Tuesday, August 15, 2017
The Hilarious House Of Frightenstein
In an attempt to get viewers going with lively comment interactions, Pitchfork recently asked which television show old or new has the best music. Naturally I jumped right in and tagged The Hilarious House of Frightenstein enforcing my belief on several readers who may or may not have heard of such a show. Here's why I'm still obsessed with my favorite tv show, that I relentlessly watched as a kid, all these years later.
Billy Van. Toronto born, quadruple threat and mastermind behind one of the greatest children's television programs of all fucking time. The Hilarious House Of Frightenstein operated in uncharted territory for its time and lured in countless Canadian children like myself with its multidimensional spook show spectacles.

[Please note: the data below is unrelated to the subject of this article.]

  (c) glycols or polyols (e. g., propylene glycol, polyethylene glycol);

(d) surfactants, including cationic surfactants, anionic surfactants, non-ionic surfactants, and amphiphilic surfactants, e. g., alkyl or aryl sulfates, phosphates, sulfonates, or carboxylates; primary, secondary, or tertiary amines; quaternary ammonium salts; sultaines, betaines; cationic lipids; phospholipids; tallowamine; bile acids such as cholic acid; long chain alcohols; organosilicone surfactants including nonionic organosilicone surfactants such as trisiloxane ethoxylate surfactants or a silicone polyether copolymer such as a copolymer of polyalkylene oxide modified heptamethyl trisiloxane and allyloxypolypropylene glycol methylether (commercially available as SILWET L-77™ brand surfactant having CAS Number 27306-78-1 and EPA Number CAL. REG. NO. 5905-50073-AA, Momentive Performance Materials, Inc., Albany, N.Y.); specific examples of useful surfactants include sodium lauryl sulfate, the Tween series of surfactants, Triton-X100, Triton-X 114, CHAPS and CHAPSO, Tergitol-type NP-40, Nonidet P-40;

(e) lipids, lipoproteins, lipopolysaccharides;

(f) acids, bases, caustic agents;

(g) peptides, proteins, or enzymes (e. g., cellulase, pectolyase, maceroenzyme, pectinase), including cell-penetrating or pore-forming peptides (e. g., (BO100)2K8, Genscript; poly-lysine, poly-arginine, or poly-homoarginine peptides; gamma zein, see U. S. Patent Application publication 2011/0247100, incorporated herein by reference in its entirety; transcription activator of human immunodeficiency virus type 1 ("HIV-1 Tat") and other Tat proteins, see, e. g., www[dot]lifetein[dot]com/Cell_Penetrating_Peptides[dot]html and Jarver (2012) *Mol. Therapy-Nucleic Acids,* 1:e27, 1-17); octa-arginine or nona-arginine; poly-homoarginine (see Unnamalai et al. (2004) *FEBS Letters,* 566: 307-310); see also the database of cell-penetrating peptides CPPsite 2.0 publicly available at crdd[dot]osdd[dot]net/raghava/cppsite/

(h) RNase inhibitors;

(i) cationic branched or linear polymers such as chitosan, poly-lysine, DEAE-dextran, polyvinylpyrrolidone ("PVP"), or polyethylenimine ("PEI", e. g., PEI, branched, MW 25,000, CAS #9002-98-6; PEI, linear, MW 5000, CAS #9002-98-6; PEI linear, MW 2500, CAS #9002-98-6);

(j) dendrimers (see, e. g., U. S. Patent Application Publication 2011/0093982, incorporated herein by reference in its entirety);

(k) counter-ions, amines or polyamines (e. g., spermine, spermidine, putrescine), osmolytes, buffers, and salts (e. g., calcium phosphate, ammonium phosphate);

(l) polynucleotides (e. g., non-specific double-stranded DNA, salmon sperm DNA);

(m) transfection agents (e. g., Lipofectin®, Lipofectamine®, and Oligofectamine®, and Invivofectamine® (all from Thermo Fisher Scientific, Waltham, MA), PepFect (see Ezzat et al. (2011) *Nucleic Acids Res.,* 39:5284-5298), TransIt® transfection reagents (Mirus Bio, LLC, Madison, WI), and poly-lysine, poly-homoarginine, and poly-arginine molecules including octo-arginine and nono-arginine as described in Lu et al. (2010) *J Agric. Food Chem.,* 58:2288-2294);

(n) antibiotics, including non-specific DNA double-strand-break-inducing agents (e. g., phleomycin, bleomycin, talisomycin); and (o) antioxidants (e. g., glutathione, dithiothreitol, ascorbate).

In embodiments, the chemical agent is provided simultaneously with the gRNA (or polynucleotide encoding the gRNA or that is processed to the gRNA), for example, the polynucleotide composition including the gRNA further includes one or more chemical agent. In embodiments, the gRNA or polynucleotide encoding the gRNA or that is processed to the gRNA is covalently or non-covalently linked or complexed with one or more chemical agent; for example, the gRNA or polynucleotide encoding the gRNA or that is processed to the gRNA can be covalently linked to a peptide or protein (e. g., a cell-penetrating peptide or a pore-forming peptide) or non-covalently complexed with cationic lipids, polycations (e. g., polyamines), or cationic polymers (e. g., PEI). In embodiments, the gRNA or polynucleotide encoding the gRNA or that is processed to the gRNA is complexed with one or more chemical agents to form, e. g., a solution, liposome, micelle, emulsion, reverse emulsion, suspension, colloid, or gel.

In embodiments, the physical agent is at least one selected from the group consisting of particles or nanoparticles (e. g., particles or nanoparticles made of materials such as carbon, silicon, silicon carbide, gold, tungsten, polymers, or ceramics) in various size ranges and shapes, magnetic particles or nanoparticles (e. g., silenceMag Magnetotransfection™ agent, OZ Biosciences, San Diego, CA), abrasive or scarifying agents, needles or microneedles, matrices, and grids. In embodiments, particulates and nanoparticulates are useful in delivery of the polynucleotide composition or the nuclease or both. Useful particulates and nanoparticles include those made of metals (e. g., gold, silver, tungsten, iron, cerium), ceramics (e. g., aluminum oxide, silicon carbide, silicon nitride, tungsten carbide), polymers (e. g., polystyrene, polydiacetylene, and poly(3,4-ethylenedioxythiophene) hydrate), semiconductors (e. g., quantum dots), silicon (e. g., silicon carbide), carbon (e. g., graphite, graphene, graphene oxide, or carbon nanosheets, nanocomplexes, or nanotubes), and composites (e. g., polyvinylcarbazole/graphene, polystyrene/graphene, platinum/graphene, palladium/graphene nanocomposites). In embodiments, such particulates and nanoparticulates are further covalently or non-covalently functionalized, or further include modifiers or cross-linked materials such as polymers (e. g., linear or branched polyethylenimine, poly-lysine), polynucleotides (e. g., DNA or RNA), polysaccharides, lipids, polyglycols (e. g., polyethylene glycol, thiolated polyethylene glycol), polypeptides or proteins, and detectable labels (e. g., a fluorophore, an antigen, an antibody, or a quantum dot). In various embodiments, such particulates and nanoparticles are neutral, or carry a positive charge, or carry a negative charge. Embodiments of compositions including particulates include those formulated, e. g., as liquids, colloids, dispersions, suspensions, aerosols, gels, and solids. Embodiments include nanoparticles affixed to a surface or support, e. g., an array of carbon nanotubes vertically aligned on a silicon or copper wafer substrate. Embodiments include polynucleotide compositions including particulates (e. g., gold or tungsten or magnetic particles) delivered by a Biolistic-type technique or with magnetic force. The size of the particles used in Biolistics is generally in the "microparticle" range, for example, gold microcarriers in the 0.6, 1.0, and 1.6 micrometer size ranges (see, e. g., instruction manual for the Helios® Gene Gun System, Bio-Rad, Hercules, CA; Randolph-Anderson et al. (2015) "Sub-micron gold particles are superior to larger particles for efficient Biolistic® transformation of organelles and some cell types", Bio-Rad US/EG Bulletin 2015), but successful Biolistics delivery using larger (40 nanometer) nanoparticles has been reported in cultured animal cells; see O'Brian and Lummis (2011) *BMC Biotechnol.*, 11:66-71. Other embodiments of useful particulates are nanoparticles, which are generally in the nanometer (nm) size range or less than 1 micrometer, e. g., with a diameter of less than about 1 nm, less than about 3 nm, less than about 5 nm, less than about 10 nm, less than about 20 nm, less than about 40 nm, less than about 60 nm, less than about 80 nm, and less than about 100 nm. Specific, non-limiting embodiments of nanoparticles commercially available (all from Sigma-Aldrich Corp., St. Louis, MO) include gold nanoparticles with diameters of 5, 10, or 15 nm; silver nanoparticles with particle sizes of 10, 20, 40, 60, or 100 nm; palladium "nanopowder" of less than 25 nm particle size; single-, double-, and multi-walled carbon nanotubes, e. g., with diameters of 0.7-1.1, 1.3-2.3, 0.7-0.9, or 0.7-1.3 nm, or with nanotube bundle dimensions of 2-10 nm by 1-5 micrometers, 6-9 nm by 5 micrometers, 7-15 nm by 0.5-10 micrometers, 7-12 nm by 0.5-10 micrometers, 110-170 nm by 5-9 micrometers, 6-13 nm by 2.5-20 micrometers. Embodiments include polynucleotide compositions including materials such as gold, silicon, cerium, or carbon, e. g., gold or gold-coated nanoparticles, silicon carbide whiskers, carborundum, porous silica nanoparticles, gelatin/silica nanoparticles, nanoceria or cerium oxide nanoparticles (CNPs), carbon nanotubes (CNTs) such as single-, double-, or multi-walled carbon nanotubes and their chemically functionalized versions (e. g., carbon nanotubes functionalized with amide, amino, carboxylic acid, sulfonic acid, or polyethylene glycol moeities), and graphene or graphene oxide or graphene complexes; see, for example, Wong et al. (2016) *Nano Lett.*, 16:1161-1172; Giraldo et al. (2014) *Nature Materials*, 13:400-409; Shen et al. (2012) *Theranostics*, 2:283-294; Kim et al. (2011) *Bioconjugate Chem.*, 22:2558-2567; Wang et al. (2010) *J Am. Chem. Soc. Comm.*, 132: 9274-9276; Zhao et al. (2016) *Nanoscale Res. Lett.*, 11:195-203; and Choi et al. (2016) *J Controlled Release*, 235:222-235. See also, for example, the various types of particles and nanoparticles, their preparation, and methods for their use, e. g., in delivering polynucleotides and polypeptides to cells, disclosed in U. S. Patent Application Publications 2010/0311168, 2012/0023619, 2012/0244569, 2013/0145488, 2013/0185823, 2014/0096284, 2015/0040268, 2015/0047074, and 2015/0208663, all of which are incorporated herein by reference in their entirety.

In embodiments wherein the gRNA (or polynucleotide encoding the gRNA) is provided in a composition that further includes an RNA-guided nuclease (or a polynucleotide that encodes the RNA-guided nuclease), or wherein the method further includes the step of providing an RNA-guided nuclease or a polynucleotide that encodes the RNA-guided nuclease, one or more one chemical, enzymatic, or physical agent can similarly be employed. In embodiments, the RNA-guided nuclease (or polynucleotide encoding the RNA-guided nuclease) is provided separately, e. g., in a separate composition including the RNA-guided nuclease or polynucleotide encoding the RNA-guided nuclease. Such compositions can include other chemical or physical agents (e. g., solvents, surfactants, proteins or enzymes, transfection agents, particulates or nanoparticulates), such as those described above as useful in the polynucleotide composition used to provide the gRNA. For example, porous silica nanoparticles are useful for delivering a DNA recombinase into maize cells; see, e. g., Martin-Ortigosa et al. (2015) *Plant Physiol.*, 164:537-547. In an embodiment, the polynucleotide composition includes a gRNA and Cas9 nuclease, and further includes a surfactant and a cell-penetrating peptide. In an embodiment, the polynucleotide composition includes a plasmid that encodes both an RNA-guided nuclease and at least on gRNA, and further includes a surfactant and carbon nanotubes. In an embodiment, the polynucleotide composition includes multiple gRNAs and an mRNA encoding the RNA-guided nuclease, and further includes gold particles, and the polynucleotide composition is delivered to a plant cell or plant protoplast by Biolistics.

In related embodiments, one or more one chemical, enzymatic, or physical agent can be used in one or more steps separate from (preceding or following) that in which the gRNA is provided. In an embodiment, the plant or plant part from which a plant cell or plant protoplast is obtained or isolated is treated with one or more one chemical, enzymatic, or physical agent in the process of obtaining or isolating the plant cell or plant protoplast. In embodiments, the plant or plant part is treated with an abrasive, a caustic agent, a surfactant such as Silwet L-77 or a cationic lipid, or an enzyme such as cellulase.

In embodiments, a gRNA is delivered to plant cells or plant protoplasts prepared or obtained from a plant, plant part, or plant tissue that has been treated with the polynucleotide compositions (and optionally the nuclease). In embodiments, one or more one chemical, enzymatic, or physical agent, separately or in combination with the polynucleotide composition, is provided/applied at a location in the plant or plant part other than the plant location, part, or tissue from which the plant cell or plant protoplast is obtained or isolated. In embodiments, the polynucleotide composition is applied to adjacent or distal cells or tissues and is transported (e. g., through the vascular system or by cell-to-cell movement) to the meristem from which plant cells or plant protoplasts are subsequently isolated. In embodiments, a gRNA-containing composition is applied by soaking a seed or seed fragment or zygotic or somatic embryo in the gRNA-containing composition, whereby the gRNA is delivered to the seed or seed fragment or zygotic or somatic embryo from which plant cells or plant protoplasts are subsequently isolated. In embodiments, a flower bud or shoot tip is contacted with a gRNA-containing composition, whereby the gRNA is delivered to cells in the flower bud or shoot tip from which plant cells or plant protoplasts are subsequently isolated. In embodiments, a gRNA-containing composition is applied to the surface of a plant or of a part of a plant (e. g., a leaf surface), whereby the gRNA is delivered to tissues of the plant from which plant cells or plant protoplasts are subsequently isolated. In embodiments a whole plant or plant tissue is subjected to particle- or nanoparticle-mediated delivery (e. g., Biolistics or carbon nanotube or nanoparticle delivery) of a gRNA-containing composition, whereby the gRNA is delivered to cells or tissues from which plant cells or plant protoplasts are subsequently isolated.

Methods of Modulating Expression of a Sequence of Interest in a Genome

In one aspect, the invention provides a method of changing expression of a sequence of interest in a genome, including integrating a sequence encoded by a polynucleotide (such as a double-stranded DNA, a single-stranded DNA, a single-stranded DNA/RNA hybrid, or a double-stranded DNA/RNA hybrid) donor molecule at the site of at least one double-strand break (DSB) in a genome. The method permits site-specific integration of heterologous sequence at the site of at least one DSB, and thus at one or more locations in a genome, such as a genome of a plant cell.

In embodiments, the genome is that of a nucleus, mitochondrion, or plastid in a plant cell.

Van himself played six characters and forever had me entranced as the silly yet sweet 'Grizelda, The Ghastly Gourmet' (nutrition), 'The Librarian' who actually terrified me (literature), 'The Oracle' (astrology) who I always wanted to write a letter to so they'd read it on air and shout me out. Then there was 'Wolfman Jack' (music/arts) the resident castle DJ who inspires me to this very day with his quintessential 60's & 70's playlists and his super psychedelic dancing backdrops he shared with Igor, the massive sidekick to 'The Count', (the star). The opening intro is still unmatched today thanks to Vincent Price, and each character added their own distinct flavor to the mix. Billy Van and THHOF crew made television history.
So whenever someone asks me which tv show I think has the best music I immediately think of Igor and The Wolfman dancing to Midnight Confessions from The Grass Roots, or Strawberry Alarm Clock's Incense and Peppermints. I'm forever grateful Billy Van and the team included rock and roll as part of a healthy child's brain development. It's made my world what it is today. I hope you check out THHOF and journey back to a time when tv was made by eccentric music lovers and passionate creators who fearlessly worked their magic on small budgets and limited transmitters.